Does it have a future? My answer – YES, it does. One major concern people have is that with .NET all over the place, why would someone choose MFC. Well, one big reason would be that for Win32 GUI frameworks, I (and many others far more knowledgeable and technically recognized than I am) find MFC a far better option to Windows Forms. The CFrameWnd, CView, CDialog, CWnd set of classes do not have functionally equivalent classes under Windows Forms – so the whole GUI programming approach is different with Windows Forms than it’s with MFC. At the same time, it’d be terminally stupid to ignore .NET – but then using MFC does not require you to ignore .NET. VC++ lets you mix native applications (including MFC applications) with .NET seamlessly. So, there’re going to a be a good number of applications whose UI is developed with MFC but will extensively take advantage of the .NET classes for enhanced functionality with minimal lines of code. .NET is not MFC’s nemesis, rather .NET is something that can be used to enhance your MFC programming experience. Next point.

Will MFC apps run on Longhorn? They better do so else no one’s going to be using Longhorn or Vista or whatever it’s going to be called. MFC applications are essentially Win32 applications and right now, so are your .NET applications. While, .NET apps contain a lot of IL code as their primary content, they are PE executables just like other Win32 executables. There are millions of applications developed with MFC, ATL, WTL, Visual Basic, Windows Forms, Delphi etc. that will need to run on Longhorn. So, yes, your MFC apps will run on Longhorn. Will they look ugly? Uhm, I don’t know. They definitely won’t look like Longhorn apps unless you use the MFC-Avalon framework, but then the same applies to your Windows Forms applications.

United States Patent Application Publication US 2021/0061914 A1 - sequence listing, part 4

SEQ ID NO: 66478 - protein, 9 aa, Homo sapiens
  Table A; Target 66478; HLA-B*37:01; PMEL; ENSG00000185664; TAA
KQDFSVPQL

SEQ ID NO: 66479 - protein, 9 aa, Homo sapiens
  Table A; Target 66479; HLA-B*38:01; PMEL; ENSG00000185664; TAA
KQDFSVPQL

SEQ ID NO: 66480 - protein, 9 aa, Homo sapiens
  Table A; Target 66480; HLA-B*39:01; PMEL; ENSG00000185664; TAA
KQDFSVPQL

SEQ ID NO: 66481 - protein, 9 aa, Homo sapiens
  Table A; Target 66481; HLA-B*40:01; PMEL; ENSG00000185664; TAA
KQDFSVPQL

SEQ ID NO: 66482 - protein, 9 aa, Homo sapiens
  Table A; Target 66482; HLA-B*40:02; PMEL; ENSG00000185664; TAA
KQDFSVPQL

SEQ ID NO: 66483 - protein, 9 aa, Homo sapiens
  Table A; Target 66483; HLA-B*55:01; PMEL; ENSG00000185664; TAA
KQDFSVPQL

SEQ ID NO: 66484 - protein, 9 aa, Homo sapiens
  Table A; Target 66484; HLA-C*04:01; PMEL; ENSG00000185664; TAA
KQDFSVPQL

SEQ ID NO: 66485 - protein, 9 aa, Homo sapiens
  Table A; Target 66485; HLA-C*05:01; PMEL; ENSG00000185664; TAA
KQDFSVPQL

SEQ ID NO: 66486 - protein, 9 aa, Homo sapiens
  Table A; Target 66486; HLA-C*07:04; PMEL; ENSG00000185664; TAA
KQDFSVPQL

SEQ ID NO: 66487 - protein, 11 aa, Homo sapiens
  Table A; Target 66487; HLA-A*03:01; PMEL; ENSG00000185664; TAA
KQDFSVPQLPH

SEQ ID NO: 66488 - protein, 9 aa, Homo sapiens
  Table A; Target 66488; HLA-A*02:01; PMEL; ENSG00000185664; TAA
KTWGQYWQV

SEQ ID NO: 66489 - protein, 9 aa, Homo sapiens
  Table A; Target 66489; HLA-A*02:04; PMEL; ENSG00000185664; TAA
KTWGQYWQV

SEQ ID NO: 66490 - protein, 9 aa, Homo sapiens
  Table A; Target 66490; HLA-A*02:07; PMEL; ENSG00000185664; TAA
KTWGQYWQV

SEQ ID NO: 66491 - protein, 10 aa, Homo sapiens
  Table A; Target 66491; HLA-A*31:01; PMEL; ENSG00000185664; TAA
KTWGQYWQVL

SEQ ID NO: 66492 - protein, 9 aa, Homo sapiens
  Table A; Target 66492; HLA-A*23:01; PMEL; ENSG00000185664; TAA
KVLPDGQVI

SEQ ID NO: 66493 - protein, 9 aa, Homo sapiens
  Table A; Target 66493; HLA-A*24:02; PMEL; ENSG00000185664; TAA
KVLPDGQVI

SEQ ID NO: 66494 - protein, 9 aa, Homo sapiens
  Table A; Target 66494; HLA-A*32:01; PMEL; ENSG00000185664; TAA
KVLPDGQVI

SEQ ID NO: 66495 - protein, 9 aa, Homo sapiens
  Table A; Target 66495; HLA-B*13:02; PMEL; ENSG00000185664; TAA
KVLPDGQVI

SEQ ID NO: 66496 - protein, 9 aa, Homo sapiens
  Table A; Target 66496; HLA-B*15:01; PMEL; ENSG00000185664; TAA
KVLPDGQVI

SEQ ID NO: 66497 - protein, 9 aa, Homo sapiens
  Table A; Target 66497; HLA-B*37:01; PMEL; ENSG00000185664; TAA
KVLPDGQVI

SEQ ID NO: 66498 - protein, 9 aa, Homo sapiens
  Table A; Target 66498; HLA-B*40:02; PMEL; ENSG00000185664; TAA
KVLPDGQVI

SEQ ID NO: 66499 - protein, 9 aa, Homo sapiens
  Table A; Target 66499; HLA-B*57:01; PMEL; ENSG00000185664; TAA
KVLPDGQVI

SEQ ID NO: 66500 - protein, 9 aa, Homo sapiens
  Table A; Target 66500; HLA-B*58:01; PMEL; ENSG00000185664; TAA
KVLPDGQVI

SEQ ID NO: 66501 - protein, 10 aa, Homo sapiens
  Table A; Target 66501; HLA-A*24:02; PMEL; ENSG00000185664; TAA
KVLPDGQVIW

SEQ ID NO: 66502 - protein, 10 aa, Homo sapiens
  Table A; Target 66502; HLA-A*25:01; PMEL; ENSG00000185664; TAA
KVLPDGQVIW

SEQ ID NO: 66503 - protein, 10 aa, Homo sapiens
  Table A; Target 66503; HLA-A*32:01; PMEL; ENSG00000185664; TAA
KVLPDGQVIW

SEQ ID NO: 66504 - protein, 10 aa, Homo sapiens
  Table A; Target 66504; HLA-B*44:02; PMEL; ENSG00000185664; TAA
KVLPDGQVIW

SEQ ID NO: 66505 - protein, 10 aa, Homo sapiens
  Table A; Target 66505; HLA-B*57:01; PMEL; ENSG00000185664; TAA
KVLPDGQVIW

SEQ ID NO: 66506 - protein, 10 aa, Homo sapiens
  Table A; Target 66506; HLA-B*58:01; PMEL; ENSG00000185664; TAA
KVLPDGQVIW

Concluding, MFC is not dead now nor is it going to die any time soon; .NET is not going to kill MFC, rather it’s going to complement it; and MFC applications will not only work on Longhorn, but MFC is being updated/enhanced to support the Avalon framework. So if you are using MFC now, continue using it with confidence and pride, and next time you see this question asked in some forum, feel free to redirect the poster to this blog entry.

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PathCompactPath is a not-so-well-known function that truncates a file path to fit within a specific pixel-width and uses ellipses to show that it’s been truncated. Here’s some sample code that shows how you can use it :-